The long-pending so-called interest subvention scheme which expired on 31 March last year has now been replaced by a similar scheme (called the interest equalization scheme) for a period of five years starting 1 April this year. The impact of the scheme on export promotion will be reviewed after three years through a study by one of the Indian Institutes of Management, based upon which further continuation of the scheme will be decided.

Mint reported on 5 October that the scheme may be notified for a period of five years, subject to a review after three years.

All shipments by small and medium enterprises and labour-intensive exports of 416 commodities, including engineering, handicrafts, readymade garments and processed food, will be provided a subsidy of 3 percentage points in rupee credit.

“Financial implication of the proposed scheme is estimated to be in the range of Rs.2,500 crore to Rs.2,700 crore per year. However, the actual financial implication would depend on the level of exports and the claims filed by the exporters with the banks. Funds to the tune of Rs.1,625 crore under the non-plan head are available under Demand of Grants for 2015-2016, which would be made available to RBI (Reserve Bank of India) during 2015-16,” a statement from the Cabinet Committee on Economic Affairs (CCEA) said.


The CCEA approved the disinvestment of 10% stake in Coal India out of the government’s shareholding of 78.65% in the firm through the offer for sale route amid growing concern over its ability to meet its Rs.69,500 crore disinvestment target for 2015-16. The government sold 10% stake in Coal India for more than Rs.25,000 crore through an offer for sale in January. At the current level of market capitalization, a 10% stake sale could fetch about Rs.21,137.71 crore.

So far, the government has garnered Rs.12,642 crore through disinvestment in Rural Electrification Corp Ltd, Power Finance Corporation Ltd, Dredging Corp of India Ltd and Indian Oil Corp Ltd. The volatile equity market and the global meltdown in commodity prices have affected its ability to aggressively push for divestment of commodity stocks.


For the railways, the government committed a sum of Rs.2,774 crore for a rail-cum-road bridge over the Ganga in Munger, Bihar, which has seen no progress in the last 17 years and set a deadline of mid-2016 to open the line. Power minister Piyush Goyal said that the announcement after the Bihar elections by the central government showed its commitment to the people of the state.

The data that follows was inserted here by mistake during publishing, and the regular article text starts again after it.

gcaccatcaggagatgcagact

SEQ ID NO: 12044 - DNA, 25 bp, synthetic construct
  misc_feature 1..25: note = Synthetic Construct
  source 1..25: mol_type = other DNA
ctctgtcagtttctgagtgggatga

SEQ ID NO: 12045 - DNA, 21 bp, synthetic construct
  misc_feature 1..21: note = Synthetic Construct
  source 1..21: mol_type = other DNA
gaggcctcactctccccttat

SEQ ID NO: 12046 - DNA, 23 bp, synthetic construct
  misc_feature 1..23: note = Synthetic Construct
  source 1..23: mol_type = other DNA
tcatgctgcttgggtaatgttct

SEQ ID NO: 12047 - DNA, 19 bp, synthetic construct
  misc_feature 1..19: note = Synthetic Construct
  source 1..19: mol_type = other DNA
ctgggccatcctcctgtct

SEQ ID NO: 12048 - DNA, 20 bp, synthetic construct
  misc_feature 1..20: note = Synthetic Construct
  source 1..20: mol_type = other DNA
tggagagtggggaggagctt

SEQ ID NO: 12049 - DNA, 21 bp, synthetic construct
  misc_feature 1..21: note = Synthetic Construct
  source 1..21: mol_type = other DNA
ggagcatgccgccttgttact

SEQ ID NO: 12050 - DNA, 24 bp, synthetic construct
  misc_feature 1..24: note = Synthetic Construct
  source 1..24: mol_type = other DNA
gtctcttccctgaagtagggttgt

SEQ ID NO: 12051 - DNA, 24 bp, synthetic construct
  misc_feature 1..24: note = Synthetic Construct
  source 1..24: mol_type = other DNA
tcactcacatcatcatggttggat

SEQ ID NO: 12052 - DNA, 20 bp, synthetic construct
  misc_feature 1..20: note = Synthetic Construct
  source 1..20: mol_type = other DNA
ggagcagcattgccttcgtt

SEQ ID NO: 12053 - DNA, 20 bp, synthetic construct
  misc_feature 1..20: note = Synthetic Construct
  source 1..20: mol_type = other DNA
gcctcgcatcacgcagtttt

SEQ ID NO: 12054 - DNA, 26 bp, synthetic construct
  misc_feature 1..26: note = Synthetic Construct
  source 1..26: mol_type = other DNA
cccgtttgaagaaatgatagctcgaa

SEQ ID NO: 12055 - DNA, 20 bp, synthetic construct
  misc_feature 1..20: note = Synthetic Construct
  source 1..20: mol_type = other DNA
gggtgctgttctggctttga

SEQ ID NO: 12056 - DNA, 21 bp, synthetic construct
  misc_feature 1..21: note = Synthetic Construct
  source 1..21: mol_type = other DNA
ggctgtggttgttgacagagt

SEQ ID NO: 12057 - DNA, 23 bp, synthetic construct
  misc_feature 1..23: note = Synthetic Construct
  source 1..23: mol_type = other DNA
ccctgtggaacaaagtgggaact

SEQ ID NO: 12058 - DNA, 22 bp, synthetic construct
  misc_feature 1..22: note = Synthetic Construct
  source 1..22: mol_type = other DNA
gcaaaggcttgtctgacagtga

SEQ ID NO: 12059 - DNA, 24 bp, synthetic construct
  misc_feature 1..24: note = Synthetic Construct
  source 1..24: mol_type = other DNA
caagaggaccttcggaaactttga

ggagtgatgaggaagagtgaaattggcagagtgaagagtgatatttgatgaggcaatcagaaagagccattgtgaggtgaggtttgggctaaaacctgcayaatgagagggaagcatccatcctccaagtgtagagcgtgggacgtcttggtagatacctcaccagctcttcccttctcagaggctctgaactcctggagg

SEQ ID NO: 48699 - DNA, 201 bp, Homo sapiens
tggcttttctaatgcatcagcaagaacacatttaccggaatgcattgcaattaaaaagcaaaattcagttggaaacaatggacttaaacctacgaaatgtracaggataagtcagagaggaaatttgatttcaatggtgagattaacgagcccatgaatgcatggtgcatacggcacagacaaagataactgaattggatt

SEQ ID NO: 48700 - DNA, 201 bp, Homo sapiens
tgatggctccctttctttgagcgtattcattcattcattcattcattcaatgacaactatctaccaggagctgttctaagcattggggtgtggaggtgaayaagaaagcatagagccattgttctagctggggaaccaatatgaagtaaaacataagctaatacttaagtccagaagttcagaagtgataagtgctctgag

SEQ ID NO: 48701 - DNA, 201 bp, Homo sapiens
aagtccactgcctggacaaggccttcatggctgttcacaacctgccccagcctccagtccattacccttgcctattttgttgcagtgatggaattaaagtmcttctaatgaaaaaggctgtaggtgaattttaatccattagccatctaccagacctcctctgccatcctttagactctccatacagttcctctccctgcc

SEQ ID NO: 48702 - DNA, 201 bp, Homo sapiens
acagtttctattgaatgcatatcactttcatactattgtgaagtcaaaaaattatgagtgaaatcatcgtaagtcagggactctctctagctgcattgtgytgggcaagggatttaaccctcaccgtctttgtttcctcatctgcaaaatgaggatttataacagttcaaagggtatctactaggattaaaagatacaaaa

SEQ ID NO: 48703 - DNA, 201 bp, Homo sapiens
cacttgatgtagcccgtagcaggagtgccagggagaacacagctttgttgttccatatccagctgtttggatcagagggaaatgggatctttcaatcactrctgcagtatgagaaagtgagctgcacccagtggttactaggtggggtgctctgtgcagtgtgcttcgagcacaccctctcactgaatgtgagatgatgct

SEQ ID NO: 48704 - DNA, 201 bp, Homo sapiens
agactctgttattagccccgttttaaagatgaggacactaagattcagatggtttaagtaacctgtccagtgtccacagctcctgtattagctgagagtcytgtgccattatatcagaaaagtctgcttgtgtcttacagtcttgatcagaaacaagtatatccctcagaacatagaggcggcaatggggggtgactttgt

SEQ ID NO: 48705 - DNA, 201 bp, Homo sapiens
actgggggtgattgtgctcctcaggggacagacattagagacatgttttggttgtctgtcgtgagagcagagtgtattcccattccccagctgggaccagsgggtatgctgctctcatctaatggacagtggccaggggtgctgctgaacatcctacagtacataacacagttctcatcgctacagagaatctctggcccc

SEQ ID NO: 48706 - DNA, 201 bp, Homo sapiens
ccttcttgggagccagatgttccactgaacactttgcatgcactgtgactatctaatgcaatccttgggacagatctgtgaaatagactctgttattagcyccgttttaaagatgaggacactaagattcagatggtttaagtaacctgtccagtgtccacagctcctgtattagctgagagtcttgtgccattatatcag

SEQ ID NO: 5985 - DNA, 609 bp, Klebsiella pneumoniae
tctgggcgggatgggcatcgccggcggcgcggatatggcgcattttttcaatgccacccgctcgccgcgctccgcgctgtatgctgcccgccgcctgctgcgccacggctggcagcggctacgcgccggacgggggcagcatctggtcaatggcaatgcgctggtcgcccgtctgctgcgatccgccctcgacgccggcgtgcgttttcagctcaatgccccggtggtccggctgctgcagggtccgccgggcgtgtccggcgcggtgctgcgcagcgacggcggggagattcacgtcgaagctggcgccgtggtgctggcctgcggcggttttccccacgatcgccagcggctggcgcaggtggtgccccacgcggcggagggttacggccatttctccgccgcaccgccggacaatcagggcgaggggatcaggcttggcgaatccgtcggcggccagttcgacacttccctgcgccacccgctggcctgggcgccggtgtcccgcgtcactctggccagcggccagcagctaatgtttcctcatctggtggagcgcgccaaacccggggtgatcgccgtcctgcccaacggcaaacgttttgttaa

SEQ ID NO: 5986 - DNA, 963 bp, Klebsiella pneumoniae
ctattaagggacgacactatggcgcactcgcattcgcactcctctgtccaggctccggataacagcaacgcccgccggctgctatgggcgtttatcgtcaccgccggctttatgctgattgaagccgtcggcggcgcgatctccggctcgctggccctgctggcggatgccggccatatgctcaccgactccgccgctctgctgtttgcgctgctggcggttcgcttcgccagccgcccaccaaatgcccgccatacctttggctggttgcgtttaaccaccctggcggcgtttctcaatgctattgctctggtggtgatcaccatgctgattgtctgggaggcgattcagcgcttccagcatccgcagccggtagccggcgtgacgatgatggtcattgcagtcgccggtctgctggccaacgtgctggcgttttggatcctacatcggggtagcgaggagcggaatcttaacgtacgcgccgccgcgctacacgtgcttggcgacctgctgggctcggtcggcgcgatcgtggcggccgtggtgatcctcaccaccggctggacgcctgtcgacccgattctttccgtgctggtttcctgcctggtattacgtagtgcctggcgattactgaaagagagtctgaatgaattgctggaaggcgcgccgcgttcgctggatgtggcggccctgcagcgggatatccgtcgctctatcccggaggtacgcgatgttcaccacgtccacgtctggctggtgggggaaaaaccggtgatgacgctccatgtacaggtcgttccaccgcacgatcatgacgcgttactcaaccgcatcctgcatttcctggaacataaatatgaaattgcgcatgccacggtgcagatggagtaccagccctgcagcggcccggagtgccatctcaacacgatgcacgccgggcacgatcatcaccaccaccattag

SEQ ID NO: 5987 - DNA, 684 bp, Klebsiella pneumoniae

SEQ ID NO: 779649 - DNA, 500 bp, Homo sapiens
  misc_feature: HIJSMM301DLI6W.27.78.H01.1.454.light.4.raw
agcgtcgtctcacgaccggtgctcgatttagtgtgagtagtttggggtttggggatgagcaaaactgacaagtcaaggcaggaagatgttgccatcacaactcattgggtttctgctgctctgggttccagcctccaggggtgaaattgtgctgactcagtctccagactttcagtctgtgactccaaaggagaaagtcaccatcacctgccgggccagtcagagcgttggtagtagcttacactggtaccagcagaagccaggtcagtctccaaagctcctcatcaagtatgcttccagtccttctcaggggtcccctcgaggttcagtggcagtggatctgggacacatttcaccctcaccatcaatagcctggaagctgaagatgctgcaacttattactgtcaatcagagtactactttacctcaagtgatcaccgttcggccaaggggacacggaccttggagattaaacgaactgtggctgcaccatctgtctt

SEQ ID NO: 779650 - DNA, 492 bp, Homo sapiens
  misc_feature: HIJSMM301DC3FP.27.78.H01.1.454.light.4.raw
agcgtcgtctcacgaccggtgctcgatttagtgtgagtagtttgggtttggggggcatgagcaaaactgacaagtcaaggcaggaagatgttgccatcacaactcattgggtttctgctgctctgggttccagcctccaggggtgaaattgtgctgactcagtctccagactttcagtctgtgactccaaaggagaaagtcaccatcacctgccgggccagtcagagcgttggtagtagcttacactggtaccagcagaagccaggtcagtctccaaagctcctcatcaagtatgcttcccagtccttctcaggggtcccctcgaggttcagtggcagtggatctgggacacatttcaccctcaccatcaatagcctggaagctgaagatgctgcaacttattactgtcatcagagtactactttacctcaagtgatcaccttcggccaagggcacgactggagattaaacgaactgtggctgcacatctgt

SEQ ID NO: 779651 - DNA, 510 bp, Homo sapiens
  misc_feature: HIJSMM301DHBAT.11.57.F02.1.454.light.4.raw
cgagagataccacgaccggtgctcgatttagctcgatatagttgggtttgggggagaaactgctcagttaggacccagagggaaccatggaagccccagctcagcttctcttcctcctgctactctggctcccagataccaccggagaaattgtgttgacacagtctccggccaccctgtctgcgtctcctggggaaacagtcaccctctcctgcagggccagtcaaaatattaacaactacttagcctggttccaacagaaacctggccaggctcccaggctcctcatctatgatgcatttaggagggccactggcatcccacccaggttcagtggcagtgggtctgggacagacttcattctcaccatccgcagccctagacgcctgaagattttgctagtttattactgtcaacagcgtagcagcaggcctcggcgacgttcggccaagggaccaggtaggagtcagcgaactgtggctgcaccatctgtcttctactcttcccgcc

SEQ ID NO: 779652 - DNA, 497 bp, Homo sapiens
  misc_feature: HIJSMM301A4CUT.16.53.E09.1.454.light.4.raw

This is the second major announcement regarding railways in the state after the National Democratic Alliance lost the assembly elections. On 10 November, the Indian Railways awarded two contracts to General Electric Co. and Alstom to set up diesel and electric locomotive factories, respectively, in Bihar; the estimated cost of the projects is about Rs.40,000 crore.

The cabinet also approved doubling of three rail lines and addition of two rail lines to the East Coast Railway zone in the states of Odisha and Andhra Pradesh at a combined cost of around Rs.8,000 crore. The doubling will happen for the Jagdalpur-Koraput section of 110.22km, the Koraput-Singapur Road section of 164.56km and the Kottavalasa-Koraput section of 189.27km.

Additionally, a third and a fourth line between Budhapank and Salegaon via Rajathgarh of 85km each will also be constructed. The project is likely to be completed in the next three years and meet the demands of ever-increasing freight traffic between these sections.

“We believe these four lines will give a boost to the power sector, the coal sector, the steel sector, and to exports, also adding to the utilization of Vizag port,” said Goyal. He added that the other major advantage of these lines will be the impact on the environment, as they will reduce freight movement on roads.


In a first-of-its-kind direct subsidy payment to farmers, the government has approved payment of a production subsidy to sugarcane growers.

For the sugar season that began in October, farmers will be paid Rs.4.50 per quintal of cane crushed by mills and the money will be paid directly to farmers, the cabinet statement said.

The move will ensure timely payment to farmers by mills and reduce their cost of procurement, the statement added.

The subsidy will be paid to farmers on behalf of the mills and will be adjusted against the cane price payable to the farmers towards the fair and remunerative price (FRP), including arrears relating to previous years, the statement said.

FRP is the government-mandated minimum to be paid by mills for procuring cane. The current FRP is fixed at Rs.230 per quintal.

■Other decisions

The CCEA approved an initial public offering for Cochin Shipyard, to offload a 10% stake in the country’s largest ship-building and repair facility under its control. Cochin Shipyard’s turnover has increased 5-fold from Rs.373 crore in 2005-06 to Rs.1,859 crore in 2014-15. Its net profit has more than doubled during the period from Rs.94 crore to Rs.235 crore.

The government ratified the articles of agreement to join the China-led Asian Infrastructure Investment Bank (AIIB). “Establishment of the AIIB will help India and other signatory countries raise and avail resources for their infrastructure and sustainable development projects. India stands to become the second largest shareholder of AIIB after China. This is a historic opportunity for India to play a prominent role in the governance of a multilateral institution,” the statement said.

The cabinet also approved the determination of a marketing margin for supply of domestic gas to urea and LPG producers. Calling the move a structural reform, an official statement said “this decision is likely to enhance transparency and provide an element of certainty for future investments in the gas infrastructure sector”.

Marketing margin is the charge levied by a gas marketing company on its consumers over and above the cost or basic price of gas for taking on the additional risk and cost associated with marketing gas.

At present, different transporters are charging different marketing margins for supply of natural gas. With this decision, there will be uniformity in the marketing margin on domestic gas charged by gas marketers.

The statement added that there would be a reduction in marketing margin paid by urea and LPG producers as a result of the decision.